Alex Ruch on why Democrats and Republicans Buy Different Brands of Jeans (or the Spread of Polarization and Lifestyle Politics)

    Alex Ruch on why Democrats and Republicans Buy Different Brands of Jeans (or the Spread of Polarization and Lifestyle Politics)

    Alex Ruch is a Machine Learning Engineer II at Spotify. Previously, he worked as a ML Research Engineer at Graphika, Inc. (featured on Built In!) and was a Sage Fellow PhD at Cornell University in the Departments of Sociology and Information Science. He earned my PhD from Cornell University in 2021. This interview is based on an article Alex Ruch co-authored called: "Millions of Co-purchases and Reviews Reveal the Spread of Polarization and Lifestyle Politics across Online Markets." ArXiv. It was featured in The New York Times and on National Public Radio.































































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Customer Reviews

5.0 out of 5
5 Ratings

5 Ratings

Sooriar ,

Interview with Dr. Ahilan Kathirgamar on microcredit in Sri Lanka

This is an excellent evidence based and honest interview where Ahilan has not only convincingly explained that this individualised strategy of livelihood generation through micro credits has failed miserably but more importantly he has charted an alternative collective strategy to generate sustainable livelihood to families devastated by war in Sri Lanka. He pointed out that the neoliberal policies followed from the late seventies onwards has created economic inequalities and poverty unheard of before.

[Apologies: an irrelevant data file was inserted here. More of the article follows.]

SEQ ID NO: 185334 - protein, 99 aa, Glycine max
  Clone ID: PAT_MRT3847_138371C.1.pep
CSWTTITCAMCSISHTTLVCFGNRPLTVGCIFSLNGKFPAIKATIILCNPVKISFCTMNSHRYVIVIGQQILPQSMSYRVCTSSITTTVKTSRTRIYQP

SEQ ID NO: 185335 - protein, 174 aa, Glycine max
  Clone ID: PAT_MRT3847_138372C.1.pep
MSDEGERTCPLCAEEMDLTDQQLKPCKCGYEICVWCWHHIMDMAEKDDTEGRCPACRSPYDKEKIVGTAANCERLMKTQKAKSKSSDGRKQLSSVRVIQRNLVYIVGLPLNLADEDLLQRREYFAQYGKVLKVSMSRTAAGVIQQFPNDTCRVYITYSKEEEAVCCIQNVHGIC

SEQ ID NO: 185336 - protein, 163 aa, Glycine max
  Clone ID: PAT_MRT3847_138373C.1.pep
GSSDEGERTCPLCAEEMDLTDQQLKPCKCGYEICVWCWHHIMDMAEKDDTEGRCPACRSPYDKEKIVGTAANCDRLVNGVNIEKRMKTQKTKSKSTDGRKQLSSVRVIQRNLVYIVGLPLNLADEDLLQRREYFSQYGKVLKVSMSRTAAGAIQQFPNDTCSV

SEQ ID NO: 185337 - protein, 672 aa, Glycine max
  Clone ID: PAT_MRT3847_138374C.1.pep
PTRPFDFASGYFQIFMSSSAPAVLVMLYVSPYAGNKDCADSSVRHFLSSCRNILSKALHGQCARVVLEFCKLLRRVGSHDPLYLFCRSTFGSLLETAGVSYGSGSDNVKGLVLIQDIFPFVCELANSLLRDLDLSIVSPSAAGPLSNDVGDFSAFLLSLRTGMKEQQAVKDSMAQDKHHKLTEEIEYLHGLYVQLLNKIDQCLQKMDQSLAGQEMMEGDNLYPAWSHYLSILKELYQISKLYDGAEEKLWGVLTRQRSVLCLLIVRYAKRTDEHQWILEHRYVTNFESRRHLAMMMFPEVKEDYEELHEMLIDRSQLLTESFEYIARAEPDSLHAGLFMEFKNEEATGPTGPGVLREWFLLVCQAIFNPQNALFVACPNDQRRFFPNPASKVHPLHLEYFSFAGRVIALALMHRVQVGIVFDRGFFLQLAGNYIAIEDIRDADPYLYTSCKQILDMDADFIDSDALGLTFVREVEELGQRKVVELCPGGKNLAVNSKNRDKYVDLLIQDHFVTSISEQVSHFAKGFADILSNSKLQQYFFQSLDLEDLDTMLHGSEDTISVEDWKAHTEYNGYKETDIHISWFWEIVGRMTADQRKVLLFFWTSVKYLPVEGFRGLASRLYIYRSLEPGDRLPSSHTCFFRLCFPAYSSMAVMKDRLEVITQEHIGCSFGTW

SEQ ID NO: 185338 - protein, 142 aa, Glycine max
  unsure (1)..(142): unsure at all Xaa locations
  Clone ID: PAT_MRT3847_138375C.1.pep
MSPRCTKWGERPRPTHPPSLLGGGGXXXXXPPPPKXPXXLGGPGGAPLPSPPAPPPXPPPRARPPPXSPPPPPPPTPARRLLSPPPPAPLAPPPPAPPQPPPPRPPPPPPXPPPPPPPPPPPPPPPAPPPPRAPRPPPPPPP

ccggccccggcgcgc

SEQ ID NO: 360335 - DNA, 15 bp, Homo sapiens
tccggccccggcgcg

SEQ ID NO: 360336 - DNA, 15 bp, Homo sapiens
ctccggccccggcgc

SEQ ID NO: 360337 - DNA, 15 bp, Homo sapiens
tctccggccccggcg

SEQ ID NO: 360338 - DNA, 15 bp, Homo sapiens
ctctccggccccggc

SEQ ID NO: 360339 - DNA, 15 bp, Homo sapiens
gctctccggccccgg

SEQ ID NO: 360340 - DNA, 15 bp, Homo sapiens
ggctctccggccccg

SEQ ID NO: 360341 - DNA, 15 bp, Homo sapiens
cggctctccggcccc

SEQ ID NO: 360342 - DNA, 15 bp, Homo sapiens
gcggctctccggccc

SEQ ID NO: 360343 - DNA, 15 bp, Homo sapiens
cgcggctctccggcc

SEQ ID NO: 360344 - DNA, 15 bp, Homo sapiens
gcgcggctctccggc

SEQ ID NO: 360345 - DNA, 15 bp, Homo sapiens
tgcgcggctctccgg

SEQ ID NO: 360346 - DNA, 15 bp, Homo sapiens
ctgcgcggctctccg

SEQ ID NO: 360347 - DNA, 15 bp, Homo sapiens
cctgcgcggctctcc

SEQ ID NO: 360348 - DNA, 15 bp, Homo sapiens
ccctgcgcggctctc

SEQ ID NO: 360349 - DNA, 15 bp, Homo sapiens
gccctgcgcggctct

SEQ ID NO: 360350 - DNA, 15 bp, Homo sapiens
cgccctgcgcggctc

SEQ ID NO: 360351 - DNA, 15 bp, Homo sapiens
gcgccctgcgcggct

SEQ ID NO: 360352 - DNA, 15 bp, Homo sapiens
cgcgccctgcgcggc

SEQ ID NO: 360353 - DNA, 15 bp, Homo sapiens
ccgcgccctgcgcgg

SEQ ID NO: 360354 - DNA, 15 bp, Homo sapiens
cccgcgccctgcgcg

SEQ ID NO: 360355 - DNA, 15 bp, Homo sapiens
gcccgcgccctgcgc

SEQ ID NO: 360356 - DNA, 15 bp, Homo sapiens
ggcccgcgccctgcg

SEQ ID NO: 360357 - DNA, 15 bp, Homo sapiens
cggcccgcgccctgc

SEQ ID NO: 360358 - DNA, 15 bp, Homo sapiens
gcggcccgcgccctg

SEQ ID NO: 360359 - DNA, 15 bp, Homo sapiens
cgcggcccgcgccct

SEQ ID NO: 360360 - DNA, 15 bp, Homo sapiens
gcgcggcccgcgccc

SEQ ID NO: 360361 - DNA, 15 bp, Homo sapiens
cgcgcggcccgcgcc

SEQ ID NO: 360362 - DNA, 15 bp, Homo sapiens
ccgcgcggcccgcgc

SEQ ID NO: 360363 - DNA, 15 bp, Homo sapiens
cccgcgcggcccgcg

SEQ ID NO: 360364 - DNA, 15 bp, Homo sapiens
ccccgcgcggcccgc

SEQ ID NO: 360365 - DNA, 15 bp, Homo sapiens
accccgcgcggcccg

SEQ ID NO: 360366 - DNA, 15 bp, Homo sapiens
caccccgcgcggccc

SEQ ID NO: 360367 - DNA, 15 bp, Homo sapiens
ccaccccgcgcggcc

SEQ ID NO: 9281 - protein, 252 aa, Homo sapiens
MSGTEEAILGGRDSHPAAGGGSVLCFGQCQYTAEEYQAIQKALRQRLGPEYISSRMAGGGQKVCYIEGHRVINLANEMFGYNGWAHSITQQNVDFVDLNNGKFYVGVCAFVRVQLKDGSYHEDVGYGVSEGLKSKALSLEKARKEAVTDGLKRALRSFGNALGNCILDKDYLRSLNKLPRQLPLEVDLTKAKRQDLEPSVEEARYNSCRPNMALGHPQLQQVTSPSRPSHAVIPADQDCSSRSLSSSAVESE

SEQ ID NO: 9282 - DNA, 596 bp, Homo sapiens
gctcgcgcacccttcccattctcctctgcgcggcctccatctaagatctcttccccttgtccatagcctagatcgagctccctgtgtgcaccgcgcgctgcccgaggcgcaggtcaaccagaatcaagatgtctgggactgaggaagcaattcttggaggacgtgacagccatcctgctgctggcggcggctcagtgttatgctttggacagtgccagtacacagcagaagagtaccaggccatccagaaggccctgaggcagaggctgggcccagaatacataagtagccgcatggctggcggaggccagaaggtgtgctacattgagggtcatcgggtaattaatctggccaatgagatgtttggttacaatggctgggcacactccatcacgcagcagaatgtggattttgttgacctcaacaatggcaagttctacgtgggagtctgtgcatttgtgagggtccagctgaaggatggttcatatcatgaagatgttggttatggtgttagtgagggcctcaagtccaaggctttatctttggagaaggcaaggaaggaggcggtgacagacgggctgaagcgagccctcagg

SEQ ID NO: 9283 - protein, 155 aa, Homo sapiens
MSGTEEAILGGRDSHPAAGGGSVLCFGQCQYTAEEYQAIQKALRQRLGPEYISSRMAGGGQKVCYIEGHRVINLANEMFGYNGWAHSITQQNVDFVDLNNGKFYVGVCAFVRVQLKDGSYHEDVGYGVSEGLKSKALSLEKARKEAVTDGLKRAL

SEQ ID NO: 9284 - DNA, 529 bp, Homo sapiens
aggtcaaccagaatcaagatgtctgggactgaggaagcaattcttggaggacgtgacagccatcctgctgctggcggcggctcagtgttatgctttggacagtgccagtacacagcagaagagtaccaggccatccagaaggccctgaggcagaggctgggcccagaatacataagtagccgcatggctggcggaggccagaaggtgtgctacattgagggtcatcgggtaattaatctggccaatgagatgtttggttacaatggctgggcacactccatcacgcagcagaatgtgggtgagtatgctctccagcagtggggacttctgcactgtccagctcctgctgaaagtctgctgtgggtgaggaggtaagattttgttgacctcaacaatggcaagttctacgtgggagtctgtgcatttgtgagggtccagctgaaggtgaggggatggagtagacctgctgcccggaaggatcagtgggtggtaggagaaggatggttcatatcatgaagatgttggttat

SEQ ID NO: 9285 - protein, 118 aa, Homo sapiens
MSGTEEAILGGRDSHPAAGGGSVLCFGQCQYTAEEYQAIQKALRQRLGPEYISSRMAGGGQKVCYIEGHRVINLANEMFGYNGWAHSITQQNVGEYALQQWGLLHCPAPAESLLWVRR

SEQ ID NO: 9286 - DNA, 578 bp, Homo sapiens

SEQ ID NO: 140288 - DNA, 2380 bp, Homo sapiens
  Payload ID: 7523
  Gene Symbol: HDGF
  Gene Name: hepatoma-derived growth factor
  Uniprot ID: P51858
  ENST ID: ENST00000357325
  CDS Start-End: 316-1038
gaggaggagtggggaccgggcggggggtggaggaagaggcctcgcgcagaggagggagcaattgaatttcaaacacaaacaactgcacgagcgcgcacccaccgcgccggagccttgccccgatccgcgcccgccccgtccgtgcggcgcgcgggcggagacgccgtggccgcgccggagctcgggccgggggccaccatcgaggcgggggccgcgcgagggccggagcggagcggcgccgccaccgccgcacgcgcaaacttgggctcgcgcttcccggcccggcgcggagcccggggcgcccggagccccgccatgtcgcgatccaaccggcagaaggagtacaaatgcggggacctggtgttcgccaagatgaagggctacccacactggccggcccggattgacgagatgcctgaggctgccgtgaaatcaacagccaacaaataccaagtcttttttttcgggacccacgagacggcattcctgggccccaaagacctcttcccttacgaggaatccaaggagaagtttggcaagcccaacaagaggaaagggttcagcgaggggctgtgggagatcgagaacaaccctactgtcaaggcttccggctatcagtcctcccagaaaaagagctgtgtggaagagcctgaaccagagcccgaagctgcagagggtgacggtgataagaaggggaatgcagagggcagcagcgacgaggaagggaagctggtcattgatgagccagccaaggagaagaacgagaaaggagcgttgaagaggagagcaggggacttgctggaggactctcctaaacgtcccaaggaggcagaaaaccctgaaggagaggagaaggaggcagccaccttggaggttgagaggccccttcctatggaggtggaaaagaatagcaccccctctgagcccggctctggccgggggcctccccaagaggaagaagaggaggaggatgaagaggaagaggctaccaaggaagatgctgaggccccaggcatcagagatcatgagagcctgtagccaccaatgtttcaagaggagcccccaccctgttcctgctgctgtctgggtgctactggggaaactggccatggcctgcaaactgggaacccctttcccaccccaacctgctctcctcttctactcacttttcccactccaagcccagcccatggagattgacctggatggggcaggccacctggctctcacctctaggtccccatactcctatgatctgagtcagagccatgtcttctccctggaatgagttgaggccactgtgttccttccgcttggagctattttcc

Only economic democracy and socialised production as opposed to individualised efforts can bring about sustainable and meaningful economic prosperity, justice and equality. I am convinced of his critique as well as his alternative strategy.

Interviews like this are useful to create economic awareness by dispelling myths propagated by neoliberal pandits.

Eng. Sooriasegaram

cityeyrie ,

Can’t recommend this enough!

Love this podcast - the range of interviewees and subjects is vast, and there’s no grandstanding, theoretical, political or otherwise, by the presenter. Good length as well.